The House passed their version earlier this month and there were no changes in their version of Dairy-RP, thus far.

Dairy-RP coverage works just like the area-based crop revenue-protection insurance policies. Crop coverage offers revenue guarantees based on three things: futures prices expected production and market-implied risk.

“Dairy-RP allows farmers to pick a value of milk based on a component value or a mix of class-three or class-four milk. Then the farmer picks how much milk they want to cover, a dairy percentage, and that becomes a revenue guarantee for the farmer on the policy,” said John Newton, American Farm Bureau Economist who attended the informational meetings in Pocatello, Twin Falls, and Boise.

Newton says the Farm Bureau started contacting Dairy farmers two years ago to see what kind of fixes they needed in the farm safety net in the Farm Bill. Newton points to the success of crop programs as an example of why dairymen need the same type of protection.

“In 2016, with declining crop prices, more than $2.2 billion in insurance indemnities were paid to corn, cotton, rice, soybean and wheat farmers. Dairy-RP would have provided similar protection in 2015 and 2016 when those milk prices fell by nearly 50 percent and the total US farm value of milk fell by nearly $15 billion,” said Newton.

Newton says that under the Dairy-RP program a big selling point is that a farmer has only four decisions to make when working on his protection policy which include: the value of milk protected, the amount of milk production to cover; the level of coverage from 70 to 90-percent of the revenue guarantee; and which quarterly contracts a farmer wishes to purchase.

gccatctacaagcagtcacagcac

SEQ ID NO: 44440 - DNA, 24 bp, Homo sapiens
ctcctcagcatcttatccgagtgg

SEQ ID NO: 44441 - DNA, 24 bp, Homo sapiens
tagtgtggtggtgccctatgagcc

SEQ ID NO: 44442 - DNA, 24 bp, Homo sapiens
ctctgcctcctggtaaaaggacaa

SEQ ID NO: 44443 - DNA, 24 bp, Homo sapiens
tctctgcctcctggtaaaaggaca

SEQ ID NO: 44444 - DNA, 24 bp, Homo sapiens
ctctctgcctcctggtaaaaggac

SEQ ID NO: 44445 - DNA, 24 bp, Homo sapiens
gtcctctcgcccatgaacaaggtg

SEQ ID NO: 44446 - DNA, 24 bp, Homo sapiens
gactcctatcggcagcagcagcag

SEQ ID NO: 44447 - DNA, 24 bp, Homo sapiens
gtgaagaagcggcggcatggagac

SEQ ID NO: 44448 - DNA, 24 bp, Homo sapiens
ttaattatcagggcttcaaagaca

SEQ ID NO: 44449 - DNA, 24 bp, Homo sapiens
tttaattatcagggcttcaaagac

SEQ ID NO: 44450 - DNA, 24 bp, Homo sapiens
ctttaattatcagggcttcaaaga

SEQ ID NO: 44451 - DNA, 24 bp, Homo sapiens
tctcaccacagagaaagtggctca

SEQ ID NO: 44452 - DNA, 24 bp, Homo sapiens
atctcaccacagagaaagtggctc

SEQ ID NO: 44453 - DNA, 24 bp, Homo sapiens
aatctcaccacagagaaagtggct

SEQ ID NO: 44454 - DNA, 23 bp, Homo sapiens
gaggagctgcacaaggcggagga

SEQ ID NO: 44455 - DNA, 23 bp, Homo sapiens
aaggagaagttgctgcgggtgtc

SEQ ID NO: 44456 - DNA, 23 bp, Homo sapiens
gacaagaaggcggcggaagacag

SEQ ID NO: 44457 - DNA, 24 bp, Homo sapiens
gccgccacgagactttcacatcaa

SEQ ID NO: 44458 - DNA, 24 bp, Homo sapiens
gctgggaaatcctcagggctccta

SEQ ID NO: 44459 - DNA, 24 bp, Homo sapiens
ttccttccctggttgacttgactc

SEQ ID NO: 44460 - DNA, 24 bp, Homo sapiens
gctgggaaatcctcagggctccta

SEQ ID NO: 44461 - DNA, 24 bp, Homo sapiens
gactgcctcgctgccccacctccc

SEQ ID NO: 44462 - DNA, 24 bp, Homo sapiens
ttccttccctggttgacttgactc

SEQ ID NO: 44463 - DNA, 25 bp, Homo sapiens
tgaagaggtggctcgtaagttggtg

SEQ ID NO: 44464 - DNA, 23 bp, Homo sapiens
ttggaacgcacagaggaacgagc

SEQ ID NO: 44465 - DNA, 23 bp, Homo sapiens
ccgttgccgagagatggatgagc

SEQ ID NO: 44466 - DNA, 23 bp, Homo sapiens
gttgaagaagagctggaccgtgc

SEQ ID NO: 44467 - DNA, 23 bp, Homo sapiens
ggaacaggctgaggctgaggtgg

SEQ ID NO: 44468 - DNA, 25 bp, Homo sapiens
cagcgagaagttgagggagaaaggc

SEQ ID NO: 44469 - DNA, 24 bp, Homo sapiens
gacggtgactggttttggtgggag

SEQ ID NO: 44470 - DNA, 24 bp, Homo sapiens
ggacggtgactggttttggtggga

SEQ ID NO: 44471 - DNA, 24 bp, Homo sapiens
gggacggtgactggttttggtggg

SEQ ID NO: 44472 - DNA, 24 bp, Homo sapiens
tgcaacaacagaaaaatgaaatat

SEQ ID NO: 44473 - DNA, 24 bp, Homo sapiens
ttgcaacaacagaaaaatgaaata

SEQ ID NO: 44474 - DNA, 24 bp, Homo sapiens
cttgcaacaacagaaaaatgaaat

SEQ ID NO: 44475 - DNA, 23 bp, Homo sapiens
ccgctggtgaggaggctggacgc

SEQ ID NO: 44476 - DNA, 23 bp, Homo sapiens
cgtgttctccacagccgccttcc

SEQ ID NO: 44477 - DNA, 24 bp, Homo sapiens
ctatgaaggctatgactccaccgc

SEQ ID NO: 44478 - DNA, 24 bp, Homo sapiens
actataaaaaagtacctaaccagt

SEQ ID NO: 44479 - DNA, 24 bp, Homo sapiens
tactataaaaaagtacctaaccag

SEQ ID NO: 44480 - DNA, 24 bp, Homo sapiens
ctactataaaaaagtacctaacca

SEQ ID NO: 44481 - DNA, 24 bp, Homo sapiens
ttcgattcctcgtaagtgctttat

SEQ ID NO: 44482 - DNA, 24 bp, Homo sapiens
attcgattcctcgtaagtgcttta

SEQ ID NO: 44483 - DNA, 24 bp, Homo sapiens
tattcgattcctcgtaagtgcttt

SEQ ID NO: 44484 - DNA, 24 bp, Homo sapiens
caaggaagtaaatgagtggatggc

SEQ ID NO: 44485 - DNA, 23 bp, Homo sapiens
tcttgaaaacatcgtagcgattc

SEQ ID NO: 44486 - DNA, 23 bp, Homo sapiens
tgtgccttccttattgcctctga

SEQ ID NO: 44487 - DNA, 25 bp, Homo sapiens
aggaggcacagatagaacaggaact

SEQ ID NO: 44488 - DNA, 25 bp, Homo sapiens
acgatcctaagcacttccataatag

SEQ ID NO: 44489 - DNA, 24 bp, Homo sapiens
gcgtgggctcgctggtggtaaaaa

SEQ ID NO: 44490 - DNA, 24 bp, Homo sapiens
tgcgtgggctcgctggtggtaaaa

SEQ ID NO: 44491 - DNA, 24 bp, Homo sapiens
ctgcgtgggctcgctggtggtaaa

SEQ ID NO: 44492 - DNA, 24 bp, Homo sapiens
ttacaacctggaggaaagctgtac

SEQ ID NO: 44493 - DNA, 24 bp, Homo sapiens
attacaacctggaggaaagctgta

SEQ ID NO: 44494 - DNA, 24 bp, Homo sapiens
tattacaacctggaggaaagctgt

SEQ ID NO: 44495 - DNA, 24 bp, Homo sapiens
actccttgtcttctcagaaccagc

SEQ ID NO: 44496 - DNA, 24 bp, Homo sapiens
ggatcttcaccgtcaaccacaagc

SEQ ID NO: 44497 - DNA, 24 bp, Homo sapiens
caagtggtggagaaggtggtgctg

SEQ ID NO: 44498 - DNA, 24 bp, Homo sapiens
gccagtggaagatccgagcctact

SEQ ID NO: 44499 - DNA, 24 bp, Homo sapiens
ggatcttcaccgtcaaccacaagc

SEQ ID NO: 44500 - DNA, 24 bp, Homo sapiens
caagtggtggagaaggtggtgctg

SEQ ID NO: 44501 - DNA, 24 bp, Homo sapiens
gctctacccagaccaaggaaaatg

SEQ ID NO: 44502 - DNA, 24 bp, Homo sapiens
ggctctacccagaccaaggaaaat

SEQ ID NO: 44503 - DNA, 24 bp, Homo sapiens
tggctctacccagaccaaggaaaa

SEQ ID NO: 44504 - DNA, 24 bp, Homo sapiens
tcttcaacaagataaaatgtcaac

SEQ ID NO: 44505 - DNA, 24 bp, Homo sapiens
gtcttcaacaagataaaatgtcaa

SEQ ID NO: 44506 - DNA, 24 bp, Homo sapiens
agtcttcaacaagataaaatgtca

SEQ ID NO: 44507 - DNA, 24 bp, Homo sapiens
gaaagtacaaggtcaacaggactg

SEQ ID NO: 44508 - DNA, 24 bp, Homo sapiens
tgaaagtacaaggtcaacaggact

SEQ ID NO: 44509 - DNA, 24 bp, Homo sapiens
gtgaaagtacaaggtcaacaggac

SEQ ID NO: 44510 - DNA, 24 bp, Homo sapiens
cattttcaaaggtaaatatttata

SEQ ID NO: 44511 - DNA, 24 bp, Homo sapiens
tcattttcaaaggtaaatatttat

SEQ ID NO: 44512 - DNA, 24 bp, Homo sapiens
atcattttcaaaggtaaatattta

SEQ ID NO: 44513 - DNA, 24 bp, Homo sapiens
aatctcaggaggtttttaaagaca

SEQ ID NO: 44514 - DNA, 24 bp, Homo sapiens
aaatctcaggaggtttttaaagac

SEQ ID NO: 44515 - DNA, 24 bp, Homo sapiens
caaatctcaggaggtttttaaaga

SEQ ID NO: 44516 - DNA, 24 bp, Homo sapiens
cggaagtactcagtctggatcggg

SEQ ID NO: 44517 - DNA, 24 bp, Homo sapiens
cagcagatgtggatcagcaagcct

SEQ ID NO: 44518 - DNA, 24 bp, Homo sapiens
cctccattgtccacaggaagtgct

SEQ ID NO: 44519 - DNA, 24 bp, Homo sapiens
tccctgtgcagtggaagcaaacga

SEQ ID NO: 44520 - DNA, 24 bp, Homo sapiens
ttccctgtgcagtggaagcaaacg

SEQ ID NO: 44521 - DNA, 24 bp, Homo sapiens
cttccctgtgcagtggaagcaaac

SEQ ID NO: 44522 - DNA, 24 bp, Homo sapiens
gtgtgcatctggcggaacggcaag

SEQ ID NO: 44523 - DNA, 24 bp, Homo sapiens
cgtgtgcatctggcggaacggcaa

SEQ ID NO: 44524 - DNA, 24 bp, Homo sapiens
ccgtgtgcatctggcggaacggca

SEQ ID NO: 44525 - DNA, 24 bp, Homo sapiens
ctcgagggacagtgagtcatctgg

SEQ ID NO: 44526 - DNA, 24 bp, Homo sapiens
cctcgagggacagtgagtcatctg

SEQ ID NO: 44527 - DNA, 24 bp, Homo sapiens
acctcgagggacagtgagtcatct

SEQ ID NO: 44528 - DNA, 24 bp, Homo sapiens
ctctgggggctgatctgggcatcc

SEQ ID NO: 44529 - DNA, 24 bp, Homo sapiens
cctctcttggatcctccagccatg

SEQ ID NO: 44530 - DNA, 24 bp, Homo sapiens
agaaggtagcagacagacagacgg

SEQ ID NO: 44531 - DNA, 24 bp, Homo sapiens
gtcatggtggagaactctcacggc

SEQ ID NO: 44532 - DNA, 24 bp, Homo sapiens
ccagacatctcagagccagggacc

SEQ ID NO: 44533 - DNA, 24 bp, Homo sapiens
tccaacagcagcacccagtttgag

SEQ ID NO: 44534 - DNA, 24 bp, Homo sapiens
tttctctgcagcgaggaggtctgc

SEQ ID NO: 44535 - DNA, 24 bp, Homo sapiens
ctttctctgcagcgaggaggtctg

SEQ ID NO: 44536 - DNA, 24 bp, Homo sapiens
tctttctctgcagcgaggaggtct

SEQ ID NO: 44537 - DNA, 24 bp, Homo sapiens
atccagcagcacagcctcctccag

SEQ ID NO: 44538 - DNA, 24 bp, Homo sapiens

Dairy-RP policies would be sold by USDA-approved insurance providers and could be purchased for an individual quarter, or a strip of future quarters, up to 5 quarters out. The price of the policy will vary daily based on the farmer-selected parameters and on the expected risk in the market according to Newton.

Like other crop insurance policies, USDA would provide a premium discount to purchase Dairy-RP and the discount would increase as the farmer’s elected deductible increased, for instance, 70-percent coverage has a higher premium discount than 90 percent coverage.  Preliminary economic studies show that a Dairy-RP policy, covering 90 percent of the milk revenue, could cost 5 to 40 cents per hundredweight, depending on the quarter of the year covered and other policy parameters.

Newton adds that Dairy farmers need additional risk management tools that reflect the diversity of milk production. 

“While Farm Bureau continues to work to improve the dairy safety nets available from USDA, the efforts to develop a new revenue-based insurance product will greatly improve the dairy safety net by providing another option in the risk management toolbox,” said Newton.

The first Dairy-RP policies could be available by late this summer with Congressional Approval.